News Friday, JANUARY 08th, 1999

Welcome to Radio Prague. Those were the headlines and now the news in more detail, read by Libor Kubik.


Thirty-seven members of the Czech PEN Club have expressed support to President Vaclav Havel, who they said is facing a smear campaign in the media.

In an open letter, intellectuals including writers Ivan Klima and Ludvik Kundera accused a leading private television of having featured a distasteful joke on Havel in its primetime news programme. They also criticised politicians and media for belittling the importance of President Havel's televised New Year message to the nation in which he warned against attempts to build new walls to divide the Czech society.

The intellectuals stressed that while Havel does not stand above criticism, it is indecent to denigrate the man who has not compromised his beliefs for decades.


United States' Commerce Department has put the Czech Republic on the list of countries to which specialised U.S. encryption commodities and software can be exported without licence.

The move was announced on Thursday by the Czech Ministry of Foreign Affairs, quoting sources at the American embassy in Prague.

The Czech Republic was left out of the original list of 45 countries, issued in November. That would have indicated that Prague fails to enforce laws on the protection of intellectual property.

According to some sources, the belated inclusion of the Czech Republic may be either an attempt to correct an administrative error or the result of a review of Prague's credibility made on the basis of newly acquired information.


The Dutch telephone company KPN, rumoured to be at the centre of a bribery scandal shrouding the privatisation of the Czech telecommunications monopoly SPT Telecom three years ago, confirmed on Thursday that it has asked two independent auditing firms to verify its accounting records.

KPN officials said its aim was to prove that neither their company nor its subsidiary TelSource have made unauthorised payments in connection with the Czech Telecom that would constitute breach of the law or of common decency.

The KPN's Board of Supervisors ordered the audit on Wednesday in an effort to stem the flow of groundless accusations that KPN and the Swiss firm Swisscom have bribed Czech political parties in order to win a stake in SPT Telecom.


Less than a fourth of the Czechs polled in a recent survey would support erecting a memorial to the victims of a World War Two concentration camps for Romanies in Lety near the South Bohemian town of Pisek.

Another fourth of the respondents were indifferent to the problem and two fifths of those polled said they were against.

An exclusive survey by the STEM polling agency for the public service Czech Radio and Czech Television shows that few people would send donations to the memorial fund and about one quarter of those asked believe that ethnic Roma people suffered less under the Nazis than Jews.

The site of the former camp is today occupied by a pig farm.


Czech Foreign Minister Jan Kavan says his government has no doubts over Germany's support for enlarging the European Union.

Kavan said on Thursday after talks with his German counterpart Joschka Fischer in Prague that Germany had made it clear the 15- nation E.U. would have to reform its finances before taking in new East European members. He said this view was understood and backed by Prague.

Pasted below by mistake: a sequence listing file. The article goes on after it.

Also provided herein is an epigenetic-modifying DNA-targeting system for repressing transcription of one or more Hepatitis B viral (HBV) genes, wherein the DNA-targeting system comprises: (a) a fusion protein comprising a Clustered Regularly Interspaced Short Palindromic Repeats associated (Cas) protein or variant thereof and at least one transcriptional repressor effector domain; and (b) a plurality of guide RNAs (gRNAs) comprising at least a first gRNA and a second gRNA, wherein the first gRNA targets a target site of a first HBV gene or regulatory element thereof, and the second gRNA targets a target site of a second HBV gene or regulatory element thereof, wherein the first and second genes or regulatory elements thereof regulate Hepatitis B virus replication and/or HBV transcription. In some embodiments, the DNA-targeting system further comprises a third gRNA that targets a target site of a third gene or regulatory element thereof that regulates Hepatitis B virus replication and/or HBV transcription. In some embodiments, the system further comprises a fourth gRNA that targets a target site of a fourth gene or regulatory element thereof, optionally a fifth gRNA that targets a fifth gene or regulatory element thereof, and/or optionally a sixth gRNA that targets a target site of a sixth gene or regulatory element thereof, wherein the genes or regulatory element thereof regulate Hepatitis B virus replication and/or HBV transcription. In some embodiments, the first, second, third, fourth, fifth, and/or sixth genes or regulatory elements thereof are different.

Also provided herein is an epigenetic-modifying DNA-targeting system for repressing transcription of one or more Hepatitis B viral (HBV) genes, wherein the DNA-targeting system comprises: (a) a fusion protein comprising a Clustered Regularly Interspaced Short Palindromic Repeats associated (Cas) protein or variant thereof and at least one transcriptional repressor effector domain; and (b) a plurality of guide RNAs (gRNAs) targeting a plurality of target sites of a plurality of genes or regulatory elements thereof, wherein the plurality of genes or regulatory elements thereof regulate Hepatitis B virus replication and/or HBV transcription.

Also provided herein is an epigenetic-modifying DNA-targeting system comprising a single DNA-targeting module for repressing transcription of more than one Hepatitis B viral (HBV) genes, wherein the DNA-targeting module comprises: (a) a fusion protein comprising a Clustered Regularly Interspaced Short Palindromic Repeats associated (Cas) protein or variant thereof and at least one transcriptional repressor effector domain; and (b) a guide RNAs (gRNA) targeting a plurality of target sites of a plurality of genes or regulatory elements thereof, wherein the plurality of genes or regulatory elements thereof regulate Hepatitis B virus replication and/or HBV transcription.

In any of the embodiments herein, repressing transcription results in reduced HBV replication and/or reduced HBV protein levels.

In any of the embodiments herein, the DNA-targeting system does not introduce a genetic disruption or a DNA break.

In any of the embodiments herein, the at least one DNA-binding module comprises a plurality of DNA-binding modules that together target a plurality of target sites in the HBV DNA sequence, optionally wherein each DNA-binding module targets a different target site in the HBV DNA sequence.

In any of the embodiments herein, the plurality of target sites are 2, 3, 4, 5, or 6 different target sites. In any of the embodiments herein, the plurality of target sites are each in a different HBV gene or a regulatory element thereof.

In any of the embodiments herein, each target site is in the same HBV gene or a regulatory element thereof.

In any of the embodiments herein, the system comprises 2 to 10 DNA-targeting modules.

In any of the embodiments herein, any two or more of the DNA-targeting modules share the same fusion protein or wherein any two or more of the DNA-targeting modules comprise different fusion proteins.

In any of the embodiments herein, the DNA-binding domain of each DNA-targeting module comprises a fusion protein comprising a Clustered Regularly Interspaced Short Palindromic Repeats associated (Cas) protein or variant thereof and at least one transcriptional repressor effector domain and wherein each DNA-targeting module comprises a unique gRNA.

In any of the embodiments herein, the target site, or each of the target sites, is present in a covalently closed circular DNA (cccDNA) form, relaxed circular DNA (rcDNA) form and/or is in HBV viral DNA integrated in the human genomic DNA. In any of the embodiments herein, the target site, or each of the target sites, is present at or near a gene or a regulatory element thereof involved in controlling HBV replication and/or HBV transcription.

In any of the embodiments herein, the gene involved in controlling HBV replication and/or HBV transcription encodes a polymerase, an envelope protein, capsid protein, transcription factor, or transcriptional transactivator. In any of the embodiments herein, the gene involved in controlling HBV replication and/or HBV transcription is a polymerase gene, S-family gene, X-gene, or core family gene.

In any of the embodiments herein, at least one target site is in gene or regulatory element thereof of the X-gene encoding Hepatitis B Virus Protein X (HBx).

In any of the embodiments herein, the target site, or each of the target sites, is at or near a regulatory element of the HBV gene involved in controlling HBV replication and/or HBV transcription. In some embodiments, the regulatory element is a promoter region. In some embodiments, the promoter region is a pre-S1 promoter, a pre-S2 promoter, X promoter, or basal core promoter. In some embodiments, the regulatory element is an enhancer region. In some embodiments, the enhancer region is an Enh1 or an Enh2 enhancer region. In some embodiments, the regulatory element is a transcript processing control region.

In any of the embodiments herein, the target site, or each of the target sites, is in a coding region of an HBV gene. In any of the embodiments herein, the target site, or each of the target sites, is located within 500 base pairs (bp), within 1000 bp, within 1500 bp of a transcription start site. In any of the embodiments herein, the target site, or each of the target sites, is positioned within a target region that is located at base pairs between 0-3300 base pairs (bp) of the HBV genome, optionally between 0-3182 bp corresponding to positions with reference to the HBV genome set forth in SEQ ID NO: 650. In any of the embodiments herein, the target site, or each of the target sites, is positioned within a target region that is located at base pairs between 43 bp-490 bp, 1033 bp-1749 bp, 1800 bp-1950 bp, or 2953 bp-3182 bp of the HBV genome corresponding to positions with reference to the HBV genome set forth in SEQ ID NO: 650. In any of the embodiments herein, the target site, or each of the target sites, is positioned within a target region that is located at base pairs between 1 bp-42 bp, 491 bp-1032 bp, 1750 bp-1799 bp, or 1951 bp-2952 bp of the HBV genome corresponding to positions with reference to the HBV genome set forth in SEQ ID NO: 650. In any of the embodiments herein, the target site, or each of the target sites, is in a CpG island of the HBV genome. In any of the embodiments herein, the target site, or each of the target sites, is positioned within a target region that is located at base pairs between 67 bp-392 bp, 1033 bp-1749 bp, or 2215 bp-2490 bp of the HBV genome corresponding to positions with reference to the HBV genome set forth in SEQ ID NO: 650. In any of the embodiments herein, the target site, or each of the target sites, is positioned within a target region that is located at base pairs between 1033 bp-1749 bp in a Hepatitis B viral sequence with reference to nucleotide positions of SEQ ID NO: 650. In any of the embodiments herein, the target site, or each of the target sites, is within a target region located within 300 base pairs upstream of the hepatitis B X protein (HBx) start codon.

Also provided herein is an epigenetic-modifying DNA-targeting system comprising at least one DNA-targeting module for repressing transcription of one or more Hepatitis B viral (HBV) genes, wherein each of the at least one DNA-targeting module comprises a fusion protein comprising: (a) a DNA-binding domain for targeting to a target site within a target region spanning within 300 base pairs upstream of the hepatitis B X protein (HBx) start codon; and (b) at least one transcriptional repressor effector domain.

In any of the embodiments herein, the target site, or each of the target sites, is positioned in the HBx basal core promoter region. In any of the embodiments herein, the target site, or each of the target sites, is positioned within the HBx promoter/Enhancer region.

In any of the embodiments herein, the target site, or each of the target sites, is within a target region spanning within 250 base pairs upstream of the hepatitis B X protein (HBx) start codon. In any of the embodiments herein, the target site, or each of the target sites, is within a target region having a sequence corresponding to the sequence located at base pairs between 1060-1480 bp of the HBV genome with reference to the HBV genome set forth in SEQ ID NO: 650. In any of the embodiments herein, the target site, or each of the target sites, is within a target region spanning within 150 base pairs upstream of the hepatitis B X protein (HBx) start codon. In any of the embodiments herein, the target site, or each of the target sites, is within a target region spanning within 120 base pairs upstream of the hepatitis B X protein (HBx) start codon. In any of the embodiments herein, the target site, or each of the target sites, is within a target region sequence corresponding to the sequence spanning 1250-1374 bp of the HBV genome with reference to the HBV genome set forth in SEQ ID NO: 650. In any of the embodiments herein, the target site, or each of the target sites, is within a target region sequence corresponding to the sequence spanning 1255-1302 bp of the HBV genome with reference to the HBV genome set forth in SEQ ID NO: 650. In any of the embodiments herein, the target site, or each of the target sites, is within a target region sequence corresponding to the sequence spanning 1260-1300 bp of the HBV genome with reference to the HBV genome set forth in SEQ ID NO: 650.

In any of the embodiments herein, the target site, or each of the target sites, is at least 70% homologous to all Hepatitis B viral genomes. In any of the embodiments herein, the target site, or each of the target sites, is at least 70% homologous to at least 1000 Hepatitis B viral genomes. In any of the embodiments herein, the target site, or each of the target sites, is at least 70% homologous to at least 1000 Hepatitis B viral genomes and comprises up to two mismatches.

Our correspondent says E.U. leaders are currently involved in tough talks over setting annual national contributions for the bloc's budget. Germany, which currently holds the E.U.'s rotating presidency, says it wants negotiations wrapped up by March.

Fischer said after talks with Kavan and Czech Premier Milos Zeman that Bonn would throw its full weight behind a rapid eastward expansion of the E.U.

He warned that if expansion is delayed Europe could plunge into a deep political crisis. He said public discussion of E.U. membership for eastern European candidates was a "virtual debate" largely being held by the media.


Tennis -- and U.S. Open champion Pat Rafter suffered a major early season setback on Friday, losing to lowly ranked Czech Slava Dosedel in the second round of the Adelaide men's hardcourt championships.

World number four Rafter was comprehensively outplayed by the 64th- ranked Czech, who trumped him with repeated passing shots for a 7-5 7-4 6-4 victory.


Tennis -- and world number one Lindsay Davenport on Thursday joined the rising chorus of complaint over what many players feel is a cover-up of a positive drug-test drama surrounding Australian Open winner Petr Korda of the Czech Republic.

Davenport said in Perth, Australia she was surprised at the light sanctions taken against Korda after he failed to a drug test at last year's Wimbledon.

Her criticism came less than 24 hours after Swede Jonas Bjorkman expressed disgust with the slap-on-the-wrist sanctions meted out to Korda, who tested positive for the banned steroid Nandrolone.

The case was revealed last month by the governing International Tennis Federation. The 31-year-old Czech lost 199 ranking points and almost 95,000 dollars in prize money he earned at Wimbledon, but was not suspended or banned.

He has protested his innocence, saying he had no idea how the substance got into his body and showed up in a standard urine test at the Grand Slam.


And finally, a look at the weather. Friday will be a wet day in the Czech Republic, with some scattered snow showers in the mountains. We expect daytime highs between three and seven degrees Celsius.

At the weekend, cold northwestern air will intrude into the Czech Republic bringing along a lot of precipitation, some of it in the form of snow. Nighttime lows will be around zero Celsius, daytime highs from one to five on Saturday, and around freezing point on Sunday.

I am Libor Kubik and that's the end of the news.